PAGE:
Impact of mixers on gin’s carb content?
Gin itself is a low-carb alcoholic beverage, with no carbs per serving. However, the carb content of a gin drink can vary depending on the mixer used. Some common mixers and their carb contents include:
- Tonic water: 3-4 grams of carbs per 8 ounces
- Club soda: 0 grams of carbs per 8 ounces
- Diet tonic water: 0 grams of carbs per 8 ounces
- Sparkling water: 0 grams of carbs per 8 ounces
- Ginger ale: 4 grams of carbs per 8 ounces
- Seltzer: 0 grams of carbs per 8 ounces
As you can see, the carb content of a gin drink can vary greatly depending on the mixer used. If you are following a low-carb diet, it is important to choose a low-carb mixer to minimize the carb content of your drink.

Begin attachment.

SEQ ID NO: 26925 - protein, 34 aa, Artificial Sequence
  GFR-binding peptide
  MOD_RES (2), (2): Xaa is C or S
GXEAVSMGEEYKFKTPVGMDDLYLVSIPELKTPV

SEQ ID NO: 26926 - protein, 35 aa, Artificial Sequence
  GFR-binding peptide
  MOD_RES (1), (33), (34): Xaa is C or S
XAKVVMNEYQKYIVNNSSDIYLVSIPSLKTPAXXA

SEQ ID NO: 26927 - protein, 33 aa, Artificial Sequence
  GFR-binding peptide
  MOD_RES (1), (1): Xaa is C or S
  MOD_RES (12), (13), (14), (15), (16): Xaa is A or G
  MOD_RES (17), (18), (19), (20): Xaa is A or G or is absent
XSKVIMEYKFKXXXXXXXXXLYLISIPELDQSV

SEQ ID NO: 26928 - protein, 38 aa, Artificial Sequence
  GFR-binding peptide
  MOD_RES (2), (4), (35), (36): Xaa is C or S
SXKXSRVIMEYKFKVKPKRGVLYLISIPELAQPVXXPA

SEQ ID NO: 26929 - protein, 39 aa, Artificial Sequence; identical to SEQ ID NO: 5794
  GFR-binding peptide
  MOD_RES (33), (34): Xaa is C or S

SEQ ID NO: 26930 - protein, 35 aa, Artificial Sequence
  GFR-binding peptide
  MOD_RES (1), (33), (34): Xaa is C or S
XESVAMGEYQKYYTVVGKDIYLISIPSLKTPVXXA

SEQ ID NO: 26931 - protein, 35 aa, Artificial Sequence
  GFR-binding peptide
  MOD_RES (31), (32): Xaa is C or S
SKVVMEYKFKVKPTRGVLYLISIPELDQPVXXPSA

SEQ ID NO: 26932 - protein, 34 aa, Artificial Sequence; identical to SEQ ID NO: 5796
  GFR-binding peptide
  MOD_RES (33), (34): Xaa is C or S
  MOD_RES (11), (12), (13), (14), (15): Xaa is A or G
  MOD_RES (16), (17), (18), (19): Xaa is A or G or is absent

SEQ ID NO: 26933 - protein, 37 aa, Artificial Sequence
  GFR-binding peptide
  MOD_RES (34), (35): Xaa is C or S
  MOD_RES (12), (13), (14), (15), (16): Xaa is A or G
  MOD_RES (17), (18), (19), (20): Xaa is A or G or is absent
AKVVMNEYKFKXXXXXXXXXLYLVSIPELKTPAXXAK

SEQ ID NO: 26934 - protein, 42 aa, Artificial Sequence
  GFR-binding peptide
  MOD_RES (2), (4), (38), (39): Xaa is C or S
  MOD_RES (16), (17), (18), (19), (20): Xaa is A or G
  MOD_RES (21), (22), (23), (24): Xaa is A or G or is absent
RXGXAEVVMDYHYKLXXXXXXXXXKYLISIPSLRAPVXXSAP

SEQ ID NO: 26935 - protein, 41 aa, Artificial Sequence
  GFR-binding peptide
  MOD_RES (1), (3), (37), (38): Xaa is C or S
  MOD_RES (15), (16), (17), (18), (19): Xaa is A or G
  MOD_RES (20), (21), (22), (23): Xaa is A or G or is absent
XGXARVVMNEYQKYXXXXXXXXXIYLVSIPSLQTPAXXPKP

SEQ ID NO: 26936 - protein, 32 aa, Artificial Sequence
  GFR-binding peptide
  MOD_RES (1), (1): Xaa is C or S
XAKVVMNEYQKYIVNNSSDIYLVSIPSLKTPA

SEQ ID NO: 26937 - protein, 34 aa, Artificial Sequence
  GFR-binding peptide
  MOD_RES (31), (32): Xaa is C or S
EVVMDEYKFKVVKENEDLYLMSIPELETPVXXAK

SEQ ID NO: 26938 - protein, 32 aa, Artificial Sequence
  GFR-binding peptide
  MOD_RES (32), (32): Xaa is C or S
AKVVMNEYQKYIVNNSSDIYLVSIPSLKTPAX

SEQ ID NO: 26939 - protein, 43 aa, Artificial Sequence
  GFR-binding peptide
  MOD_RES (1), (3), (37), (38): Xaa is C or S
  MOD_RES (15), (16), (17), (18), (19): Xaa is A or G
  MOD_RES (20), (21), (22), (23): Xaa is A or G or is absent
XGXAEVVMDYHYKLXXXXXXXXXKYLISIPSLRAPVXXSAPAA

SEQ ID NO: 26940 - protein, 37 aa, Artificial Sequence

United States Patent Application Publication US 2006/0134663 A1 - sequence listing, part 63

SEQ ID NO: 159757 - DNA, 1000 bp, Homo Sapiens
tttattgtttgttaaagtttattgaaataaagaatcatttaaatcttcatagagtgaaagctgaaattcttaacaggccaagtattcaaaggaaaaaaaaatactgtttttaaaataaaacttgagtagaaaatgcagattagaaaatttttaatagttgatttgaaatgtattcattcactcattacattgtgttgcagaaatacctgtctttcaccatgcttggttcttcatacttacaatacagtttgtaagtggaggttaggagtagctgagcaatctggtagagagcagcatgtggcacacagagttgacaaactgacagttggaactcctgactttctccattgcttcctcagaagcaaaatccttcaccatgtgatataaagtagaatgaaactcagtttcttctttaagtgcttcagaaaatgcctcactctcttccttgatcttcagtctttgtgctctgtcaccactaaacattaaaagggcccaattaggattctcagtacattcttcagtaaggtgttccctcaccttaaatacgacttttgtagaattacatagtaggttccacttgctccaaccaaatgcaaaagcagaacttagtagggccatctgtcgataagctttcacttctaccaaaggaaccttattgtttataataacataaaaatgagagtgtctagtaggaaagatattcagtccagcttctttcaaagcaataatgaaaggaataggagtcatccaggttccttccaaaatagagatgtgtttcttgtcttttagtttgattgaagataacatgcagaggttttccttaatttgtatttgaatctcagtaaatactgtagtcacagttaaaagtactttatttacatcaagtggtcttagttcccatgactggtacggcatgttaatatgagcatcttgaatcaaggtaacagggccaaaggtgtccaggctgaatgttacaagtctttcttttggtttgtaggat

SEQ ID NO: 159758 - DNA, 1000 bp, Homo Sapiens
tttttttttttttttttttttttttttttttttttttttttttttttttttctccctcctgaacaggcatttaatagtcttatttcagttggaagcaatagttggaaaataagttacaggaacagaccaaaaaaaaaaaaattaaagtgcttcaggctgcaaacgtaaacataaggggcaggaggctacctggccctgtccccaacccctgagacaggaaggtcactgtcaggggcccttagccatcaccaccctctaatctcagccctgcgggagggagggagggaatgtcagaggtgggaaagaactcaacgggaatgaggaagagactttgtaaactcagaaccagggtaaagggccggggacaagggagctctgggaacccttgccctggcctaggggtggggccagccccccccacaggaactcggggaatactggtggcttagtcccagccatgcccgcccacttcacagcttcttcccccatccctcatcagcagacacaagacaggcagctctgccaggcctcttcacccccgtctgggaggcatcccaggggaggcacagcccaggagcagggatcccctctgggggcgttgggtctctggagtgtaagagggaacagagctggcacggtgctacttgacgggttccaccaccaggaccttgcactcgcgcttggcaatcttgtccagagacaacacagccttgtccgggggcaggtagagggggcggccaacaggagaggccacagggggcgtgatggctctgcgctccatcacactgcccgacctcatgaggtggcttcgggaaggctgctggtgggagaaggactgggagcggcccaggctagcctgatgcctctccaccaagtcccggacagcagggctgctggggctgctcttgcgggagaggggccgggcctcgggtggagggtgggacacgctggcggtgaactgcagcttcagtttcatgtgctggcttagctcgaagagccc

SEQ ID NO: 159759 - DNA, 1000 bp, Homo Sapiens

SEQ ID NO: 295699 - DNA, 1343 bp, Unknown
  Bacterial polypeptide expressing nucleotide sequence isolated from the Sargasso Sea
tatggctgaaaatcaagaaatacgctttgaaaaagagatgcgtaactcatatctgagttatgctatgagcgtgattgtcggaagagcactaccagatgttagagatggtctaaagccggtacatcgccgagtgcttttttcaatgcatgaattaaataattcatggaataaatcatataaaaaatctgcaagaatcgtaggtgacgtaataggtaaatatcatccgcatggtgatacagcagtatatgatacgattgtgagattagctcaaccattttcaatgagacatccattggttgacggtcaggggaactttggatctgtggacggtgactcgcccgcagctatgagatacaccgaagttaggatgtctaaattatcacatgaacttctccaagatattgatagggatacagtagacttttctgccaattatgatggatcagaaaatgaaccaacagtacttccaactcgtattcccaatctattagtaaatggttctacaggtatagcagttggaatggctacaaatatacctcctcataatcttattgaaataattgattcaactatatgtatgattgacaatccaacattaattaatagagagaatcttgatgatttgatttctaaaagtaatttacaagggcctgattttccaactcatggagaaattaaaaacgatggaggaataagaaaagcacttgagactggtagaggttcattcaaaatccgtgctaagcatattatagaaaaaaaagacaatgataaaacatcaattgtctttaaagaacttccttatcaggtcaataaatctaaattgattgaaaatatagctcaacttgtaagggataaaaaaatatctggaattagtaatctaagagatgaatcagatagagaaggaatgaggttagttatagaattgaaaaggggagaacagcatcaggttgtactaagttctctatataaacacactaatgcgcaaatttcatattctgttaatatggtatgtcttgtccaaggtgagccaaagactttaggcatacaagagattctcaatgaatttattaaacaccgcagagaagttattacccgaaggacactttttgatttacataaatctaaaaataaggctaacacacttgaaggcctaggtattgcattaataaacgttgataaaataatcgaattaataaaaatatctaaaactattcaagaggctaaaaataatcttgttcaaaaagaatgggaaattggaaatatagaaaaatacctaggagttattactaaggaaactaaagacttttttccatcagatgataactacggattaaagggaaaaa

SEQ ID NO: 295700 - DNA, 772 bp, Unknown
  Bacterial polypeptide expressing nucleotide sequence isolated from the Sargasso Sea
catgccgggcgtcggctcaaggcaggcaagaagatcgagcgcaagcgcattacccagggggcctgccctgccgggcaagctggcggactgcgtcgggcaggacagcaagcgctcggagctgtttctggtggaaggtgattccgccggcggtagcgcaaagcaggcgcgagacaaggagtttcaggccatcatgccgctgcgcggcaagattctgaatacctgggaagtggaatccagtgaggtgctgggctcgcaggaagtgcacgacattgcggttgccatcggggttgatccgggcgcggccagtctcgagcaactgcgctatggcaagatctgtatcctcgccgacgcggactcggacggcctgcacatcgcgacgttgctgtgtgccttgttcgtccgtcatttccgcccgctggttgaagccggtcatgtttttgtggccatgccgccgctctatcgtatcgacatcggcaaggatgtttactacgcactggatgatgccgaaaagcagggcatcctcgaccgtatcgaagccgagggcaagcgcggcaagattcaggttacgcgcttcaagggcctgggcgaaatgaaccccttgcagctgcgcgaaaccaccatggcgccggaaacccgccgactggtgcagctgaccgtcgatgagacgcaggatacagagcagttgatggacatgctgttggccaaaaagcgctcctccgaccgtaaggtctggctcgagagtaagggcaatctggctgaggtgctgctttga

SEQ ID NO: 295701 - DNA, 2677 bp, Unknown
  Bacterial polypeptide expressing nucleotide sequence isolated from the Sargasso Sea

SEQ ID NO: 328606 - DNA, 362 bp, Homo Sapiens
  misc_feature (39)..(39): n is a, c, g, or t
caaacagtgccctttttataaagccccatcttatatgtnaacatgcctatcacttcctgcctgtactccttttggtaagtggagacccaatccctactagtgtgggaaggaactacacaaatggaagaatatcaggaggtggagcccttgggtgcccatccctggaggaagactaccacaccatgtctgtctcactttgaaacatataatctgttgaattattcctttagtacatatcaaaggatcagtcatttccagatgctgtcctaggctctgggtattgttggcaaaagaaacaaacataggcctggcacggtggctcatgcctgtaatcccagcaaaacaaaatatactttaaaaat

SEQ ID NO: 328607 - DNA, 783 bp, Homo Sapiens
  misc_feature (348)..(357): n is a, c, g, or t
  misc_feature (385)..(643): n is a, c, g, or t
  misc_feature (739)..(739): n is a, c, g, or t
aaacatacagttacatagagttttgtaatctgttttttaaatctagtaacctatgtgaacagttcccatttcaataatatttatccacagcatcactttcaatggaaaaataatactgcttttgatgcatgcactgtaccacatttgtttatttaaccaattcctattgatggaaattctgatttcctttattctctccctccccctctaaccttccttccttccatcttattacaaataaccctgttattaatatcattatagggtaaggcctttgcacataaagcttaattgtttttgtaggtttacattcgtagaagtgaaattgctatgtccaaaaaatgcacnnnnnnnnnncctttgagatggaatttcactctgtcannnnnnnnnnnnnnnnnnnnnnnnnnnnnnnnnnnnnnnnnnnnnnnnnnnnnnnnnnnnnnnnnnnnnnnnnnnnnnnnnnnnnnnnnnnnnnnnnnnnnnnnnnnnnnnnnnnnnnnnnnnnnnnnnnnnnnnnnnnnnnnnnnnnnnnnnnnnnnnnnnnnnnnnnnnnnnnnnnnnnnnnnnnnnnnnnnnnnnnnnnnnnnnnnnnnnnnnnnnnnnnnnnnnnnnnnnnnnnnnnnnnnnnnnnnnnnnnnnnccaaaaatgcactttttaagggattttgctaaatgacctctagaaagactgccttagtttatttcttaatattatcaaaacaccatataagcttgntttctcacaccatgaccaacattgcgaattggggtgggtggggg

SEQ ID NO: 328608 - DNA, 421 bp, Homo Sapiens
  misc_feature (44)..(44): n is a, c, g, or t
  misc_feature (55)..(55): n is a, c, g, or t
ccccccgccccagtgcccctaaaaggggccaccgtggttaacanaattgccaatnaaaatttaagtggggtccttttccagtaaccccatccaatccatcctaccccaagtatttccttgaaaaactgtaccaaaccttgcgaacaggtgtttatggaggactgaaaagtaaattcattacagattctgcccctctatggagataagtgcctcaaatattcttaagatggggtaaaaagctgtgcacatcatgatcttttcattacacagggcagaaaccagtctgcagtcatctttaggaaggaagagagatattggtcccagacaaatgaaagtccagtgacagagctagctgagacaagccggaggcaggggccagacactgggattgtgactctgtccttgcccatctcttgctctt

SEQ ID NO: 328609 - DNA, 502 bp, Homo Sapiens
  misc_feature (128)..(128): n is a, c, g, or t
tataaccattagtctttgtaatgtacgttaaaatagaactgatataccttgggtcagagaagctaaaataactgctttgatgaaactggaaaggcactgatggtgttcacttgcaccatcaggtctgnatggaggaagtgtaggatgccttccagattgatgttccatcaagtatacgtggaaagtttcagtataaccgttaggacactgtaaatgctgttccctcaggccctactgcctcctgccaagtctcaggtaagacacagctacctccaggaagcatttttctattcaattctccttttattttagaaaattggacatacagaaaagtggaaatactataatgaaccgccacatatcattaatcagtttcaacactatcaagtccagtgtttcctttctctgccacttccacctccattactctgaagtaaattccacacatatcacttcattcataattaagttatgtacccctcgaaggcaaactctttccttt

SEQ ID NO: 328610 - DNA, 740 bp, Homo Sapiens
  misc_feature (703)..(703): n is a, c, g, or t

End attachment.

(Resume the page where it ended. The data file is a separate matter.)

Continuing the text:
Carb differences between gin and other spirits?
Here’s a comparison of the carbohydrate differences between gin and some other common spirits:
- Vodka: Vodka is a distilled spirit made from grains or potatoes. Like gin, the distillation process converts most of the carbohydrates into alcohol, resulting in a low-carb beverage. Plain vodka typically contains zero carbohydrates per serving.
- Rum: Rum is made from sugarcane byproducts, such as molasses, or directly from sugarcane juice. During fermentation and distillation, most of the sugars are converted into alcohol, leading to a relatively low carbohydrate content. However, some flavored or spiced rums may contain added sugars, which can increase their carb content.
- Tequila: Tequila is produced from the blue agave plant. The carbohydrates in the agave are converted into alcohol during the distillation process, making tequila a low-carb spirit. Like gin and vodka, pure tequila typically contains minimal carbs.